Tax Notes (April 2009).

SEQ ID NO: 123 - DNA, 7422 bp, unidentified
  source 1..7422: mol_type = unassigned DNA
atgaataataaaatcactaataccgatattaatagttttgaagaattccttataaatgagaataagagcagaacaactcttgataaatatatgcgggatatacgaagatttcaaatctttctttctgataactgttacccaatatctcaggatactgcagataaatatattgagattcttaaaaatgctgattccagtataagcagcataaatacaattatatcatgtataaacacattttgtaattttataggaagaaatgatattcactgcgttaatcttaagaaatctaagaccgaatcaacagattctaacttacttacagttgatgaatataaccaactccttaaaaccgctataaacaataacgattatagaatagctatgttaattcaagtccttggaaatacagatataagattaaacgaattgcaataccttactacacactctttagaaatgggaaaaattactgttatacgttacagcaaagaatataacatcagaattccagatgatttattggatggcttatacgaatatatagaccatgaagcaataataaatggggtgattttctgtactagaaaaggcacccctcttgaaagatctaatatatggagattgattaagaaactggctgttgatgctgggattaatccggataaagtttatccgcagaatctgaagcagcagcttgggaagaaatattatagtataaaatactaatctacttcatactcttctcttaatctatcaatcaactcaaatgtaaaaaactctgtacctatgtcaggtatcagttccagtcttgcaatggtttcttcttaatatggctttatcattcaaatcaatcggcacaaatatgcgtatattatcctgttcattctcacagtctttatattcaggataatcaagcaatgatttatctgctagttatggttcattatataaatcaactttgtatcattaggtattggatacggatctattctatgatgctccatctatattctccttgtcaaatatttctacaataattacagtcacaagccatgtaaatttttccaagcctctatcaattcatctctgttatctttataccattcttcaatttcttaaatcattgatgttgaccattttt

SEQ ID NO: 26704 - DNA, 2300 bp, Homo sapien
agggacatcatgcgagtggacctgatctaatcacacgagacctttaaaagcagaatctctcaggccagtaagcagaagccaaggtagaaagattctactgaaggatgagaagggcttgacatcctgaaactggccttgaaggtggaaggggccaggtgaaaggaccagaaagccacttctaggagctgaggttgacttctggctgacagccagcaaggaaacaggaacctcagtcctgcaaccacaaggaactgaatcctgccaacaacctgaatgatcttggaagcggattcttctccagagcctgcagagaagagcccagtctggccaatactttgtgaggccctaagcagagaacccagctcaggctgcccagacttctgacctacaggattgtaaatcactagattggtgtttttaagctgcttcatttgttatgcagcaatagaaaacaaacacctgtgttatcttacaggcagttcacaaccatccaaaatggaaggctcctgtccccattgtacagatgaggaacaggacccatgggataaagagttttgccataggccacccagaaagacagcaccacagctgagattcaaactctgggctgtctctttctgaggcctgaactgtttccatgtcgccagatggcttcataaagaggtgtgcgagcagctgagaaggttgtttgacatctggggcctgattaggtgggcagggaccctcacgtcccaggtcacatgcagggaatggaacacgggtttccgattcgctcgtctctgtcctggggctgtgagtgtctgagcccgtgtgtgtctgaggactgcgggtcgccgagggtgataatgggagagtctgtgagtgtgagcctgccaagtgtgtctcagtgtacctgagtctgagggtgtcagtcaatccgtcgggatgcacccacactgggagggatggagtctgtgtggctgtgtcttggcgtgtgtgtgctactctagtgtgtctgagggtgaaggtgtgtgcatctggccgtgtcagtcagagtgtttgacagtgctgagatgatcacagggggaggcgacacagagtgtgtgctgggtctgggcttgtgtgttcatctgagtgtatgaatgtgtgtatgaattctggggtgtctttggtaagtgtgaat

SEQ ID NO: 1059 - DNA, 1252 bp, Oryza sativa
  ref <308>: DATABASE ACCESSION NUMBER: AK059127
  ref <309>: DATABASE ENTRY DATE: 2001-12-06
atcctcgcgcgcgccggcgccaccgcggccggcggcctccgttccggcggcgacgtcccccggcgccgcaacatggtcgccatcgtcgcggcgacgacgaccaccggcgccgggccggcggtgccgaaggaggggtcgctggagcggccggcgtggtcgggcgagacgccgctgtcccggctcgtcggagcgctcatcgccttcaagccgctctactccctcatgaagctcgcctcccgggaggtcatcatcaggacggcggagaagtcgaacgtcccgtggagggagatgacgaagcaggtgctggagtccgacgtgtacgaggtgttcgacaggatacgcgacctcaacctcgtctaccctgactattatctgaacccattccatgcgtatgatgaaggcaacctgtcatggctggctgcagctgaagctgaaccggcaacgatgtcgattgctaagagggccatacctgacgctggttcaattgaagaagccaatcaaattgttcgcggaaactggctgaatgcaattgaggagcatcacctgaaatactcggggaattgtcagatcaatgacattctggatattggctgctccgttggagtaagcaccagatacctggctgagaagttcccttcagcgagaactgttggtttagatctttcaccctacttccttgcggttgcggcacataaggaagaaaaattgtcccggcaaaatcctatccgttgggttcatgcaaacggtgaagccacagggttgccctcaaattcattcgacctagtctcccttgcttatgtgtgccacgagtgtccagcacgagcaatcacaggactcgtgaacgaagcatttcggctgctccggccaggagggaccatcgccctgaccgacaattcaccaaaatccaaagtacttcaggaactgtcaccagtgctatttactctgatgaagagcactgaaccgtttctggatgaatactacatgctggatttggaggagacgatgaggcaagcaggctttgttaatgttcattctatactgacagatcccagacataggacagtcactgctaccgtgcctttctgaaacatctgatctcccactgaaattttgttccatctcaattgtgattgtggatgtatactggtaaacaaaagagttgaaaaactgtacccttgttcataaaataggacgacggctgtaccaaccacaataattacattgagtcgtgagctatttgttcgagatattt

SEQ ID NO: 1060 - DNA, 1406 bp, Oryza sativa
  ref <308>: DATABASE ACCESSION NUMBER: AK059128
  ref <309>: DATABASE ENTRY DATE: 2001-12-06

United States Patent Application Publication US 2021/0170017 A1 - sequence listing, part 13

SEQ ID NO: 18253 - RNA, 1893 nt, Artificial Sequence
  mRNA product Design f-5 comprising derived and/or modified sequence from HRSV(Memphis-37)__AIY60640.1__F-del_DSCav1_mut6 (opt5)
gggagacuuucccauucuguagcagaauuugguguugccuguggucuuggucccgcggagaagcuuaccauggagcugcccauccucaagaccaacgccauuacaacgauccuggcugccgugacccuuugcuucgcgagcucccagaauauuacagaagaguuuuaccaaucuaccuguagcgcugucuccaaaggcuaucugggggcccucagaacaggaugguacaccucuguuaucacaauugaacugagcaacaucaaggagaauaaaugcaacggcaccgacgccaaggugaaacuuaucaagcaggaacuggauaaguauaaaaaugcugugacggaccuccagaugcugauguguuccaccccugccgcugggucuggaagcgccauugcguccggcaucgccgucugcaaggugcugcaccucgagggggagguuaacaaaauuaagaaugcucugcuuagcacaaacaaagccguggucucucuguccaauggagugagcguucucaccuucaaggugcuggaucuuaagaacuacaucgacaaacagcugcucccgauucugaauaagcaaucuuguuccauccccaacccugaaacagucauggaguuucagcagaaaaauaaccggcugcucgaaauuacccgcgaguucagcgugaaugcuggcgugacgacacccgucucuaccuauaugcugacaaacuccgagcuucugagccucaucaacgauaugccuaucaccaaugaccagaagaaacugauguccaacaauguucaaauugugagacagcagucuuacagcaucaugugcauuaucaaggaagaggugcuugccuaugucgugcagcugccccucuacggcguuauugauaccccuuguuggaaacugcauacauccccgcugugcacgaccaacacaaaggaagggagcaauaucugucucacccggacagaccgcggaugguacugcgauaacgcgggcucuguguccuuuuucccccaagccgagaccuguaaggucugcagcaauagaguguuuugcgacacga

The last two decades have witnessed two significant economic developments that are often linked in the popular imagination: the rapid increase of the foreign activities of American multinational firms and rising levels of economic insecurity, particularly among workers in certain sectors. The underlying trends of concern are summarized in Figure 1. First, the value of the claims held by U.S. multinational firms abroad is depicted by the direct investment position line that reached nearly $3 trillion by 2007. Notably, the direct investment position has more than tripled since 1997. The rise in the net income abroad of U.S. multinationals is even more dramatic, reaching $350 billion in 2007. At the same time, domestic employment in manufacturing has undergone an equally dramatic set of changes with employment declining in a rapid fashion, particularly after 1997, just as U.S. multinational firms were rapidly increasing their foreign activities. It is unsurprising that those phenomena have become linked in the popular imagination such that foreign activity would appear to be displacing domestic activity.